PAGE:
Plato’s rational and teleological positive cosmology is also untroubled is the problem of evil. Summarizing the differences between the Platonic and Christian models: Instead of detached pragmatic intelligence, we have love, traditionalism and faith. The concept of good & evil reverses: In one case ideology is evil and pragmatism is good, in the other case the precise opposite is true. Instead of a loving shepherd who cares for his sheep, God is infinitely detached from finite humanitarianism and only concerned with evolutionary idealism. Instead of egalitarian Christian utopia, we have evolutionary struggle, we have worms and supermen. Instead of being born into free will, we are born into slavery. Instead of evolving into servitude, we evolve into freedom. Instead of a single lifetime on Earth, there is reincarnation. Death is meaningless, human life is not sacred. The black death was not a tragedy, it was just a moment in man’s evolution. Just as St Matthew’s Passion is a mixture of harmony and discord, plague is an integral part of the celestial music.
Christians will object to the apparent heartlessness of the Platonic model I have described, yet love is not missing if we examine the concept correctly. Picture a mother and a father caring for a child. The nurturing mother cares about her child in the here and now, the more challenging father is concerned with the child’s evolution. The mothers worries when the child hurts himself, the father encourages the child to climb trees and take risks, his motto is “no pain, no gain”. The mother is happiest with the baby, who needs the greatest care. The father prefers the older child, who is ready to begin falling down and hurting himself. Take that masculine principle to the extreme, to infinity, and we end up with Plato’s Divinity. To the feminine viewpoint this ultra masculine viewpoint is completely lacking compassion, so it is pure tyranny, pure evil. But from the masculine perspective, the feminine viewpoint is completely lacking idealism, so it is pure materialism, pure evil.
Confucius spoke of a yin/yang duality underlying all philosophy and psychology. Plato spoke of the Mortal-Immortal duality. The yin/mortal viewpoint is egalitarian and nurturing, the yang/immortal viewpoint is competitive and detached. In other words there are two essentially different ways of seeing God, one is yin, and Christianity is an example; one is yang, and the Platonic model is an example. The two visions are totally opposites, even their concepts of good and evil reverse. No wonder the Western masses seeped in Christianity find the Platonic model shocking, and would rather believe in nothing at all.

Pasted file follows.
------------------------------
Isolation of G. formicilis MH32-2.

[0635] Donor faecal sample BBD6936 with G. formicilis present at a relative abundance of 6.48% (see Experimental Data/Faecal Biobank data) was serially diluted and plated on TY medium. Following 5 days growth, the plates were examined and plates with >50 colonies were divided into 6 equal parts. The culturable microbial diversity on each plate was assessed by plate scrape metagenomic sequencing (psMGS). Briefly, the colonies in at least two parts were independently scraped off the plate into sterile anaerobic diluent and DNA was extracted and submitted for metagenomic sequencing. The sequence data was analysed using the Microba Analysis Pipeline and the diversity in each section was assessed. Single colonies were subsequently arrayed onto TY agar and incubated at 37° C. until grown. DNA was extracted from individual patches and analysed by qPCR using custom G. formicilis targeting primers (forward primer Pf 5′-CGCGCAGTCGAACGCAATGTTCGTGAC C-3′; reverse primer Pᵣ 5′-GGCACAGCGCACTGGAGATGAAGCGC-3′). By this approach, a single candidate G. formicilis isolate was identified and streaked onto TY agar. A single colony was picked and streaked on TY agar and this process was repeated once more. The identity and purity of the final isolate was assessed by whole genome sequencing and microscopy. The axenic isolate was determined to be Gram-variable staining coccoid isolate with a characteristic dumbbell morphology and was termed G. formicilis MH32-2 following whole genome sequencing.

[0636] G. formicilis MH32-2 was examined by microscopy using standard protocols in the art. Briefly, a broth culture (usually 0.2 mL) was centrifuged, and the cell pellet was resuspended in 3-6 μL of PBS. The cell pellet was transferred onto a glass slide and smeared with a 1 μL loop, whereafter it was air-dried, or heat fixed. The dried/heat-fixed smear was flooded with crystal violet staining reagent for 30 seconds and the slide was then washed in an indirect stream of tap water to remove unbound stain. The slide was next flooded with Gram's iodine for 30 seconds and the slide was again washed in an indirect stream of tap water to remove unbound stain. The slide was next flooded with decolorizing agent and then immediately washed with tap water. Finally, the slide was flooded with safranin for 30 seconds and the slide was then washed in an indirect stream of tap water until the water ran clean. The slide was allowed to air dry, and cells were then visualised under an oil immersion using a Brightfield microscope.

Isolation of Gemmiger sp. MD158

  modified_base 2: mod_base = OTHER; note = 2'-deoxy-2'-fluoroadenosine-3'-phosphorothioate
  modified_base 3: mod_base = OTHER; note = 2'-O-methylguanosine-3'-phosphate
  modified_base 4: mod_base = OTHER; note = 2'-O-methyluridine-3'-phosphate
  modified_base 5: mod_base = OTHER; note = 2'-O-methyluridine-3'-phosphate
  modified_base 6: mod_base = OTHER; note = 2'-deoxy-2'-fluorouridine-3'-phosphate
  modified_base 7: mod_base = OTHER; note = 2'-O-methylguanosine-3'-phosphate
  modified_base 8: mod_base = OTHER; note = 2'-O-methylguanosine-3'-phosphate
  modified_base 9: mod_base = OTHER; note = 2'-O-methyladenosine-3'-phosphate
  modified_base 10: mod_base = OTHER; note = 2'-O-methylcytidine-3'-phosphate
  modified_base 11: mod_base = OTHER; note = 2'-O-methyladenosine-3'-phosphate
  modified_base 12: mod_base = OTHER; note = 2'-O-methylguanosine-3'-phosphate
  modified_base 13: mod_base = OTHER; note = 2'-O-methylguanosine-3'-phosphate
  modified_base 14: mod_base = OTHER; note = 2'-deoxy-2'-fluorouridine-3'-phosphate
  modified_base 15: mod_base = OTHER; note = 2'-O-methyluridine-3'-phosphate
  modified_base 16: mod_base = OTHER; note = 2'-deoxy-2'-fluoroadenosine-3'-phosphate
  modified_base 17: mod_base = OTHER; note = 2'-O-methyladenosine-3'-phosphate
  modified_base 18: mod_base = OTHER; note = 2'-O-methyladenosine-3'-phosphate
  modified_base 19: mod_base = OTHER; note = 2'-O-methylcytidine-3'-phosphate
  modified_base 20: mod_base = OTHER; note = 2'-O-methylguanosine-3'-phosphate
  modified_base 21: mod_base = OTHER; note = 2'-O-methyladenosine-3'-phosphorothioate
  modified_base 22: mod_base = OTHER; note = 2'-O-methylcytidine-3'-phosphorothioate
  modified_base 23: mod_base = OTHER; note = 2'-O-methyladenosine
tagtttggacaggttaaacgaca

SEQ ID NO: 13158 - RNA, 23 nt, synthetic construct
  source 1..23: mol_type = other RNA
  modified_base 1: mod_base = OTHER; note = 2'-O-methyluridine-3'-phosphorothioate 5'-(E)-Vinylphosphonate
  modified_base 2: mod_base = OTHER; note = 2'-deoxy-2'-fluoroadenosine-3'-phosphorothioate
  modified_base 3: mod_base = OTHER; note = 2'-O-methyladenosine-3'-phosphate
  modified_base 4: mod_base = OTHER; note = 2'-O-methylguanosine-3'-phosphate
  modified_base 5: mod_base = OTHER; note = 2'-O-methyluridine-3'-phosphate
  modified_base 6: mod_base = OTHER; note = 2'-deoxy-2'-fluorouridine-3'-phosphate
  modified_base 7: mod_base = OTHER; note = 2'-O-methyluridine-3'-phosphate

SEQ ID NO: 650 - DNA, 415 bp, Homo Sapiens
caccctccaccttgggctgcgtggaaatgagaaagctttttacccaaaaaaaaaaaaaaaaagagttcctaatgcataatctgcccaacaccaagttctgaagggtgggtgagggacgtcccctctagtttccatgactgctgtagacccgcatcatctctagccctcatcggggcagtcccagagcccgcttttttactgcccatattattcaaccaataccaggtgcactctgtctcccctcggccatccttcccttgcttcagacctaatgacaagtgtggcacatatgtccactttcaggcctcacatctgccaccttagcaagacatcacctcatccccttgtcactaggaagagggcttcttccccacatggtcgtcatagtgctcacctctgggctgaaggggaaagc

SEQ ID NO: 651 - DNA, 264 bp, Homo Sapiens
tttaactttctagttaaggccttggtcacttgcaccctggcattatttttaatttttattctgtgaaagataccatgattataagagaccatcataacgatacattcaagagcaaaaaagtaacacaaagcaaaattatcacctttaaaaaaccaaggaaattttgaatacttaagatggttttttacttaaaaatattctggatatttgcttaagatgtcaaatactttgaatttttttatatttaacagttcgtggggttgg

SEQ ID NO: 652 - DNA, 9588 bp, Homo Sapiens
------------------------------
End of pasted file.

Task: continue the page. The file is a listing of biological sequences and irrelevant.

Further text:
Max Muller picked up on this when he described two religious visions, the Aryan and the Semitic. One believes in utopian equality, one in struggling inequality. We have the infamous idea of the Semitic perversion of civilization which runs as follows: Because the exulted viewpoint of Socrates is far beyond the masses, the Jewish Religion taught a single lifetime of passive sufferance followed by eternal utopian bliss in the hereafter (Christianity added nurturing love). As this perversion spread beyond the lower classes, the truth was completely lost to Western Society. The rot goes way beyond the technical details of the Western conception of God, it includes the moral system, the concept of enlightenment, the purpose of life.
The most famous Neo-Confucian philosopher, Zhu Xi, espoused the same ideas as Plato. He called his enlightening principle “gewu”, which is the “investigation of things”, the “paying attention to books and affairs”, he was also anti-traditionalist, also pragmatic, and he described God as a rational principle. It must be quickly added that one of the reasons people find the concept of ‘rationality’ so offensive is that the word carries excessively linear connotations, what we are really talking about is an objectivity described by Buddhists as “detachment”.
Yet Christianity has its uses, Confucius realized that not every member of society could follow in Socrates’ footsteps, consequently he created two parallel paths, one philosophical and rational, one traditional and moral. Confucius: “By three methods we may learn wisdom: First, by reflection, which is noblest; Second, by imitation, which is easiest; and third by experience, which is the bitterest.” When reading Confucius, it is vital to keep this in mind, he frequently mixes the two approaches, so in one line he might recommend piety, and in the next radicalism.
If you, the reader, have followed me to this point, you will now understand that there is another conception God, the Eastern Model, which is the polar opposite of Christianity, which is not invalidated by the problem of evil, and which is deeply rational.
In my opinion, China’s economic rise is not unconnected with mankind’s philosophical progress. I believe that we are living though a seminal moment in history, a sort of Age Of Enlightenment Part II. Involved in this is the rise of worthy China, and the decline of the unworthy West. This rotation of power is connected with the rise of a new pragmatic rational conception of God which is the antithesis of Christian theology and morality. During the Age of Enlightenment Western Philosophers, unable to detach from feminized Christian morality, failed to appreciate either the evolutionary or collectivist idealism key to the theological positivism of the Eastern model.
Further Reading: www.theoligarch.com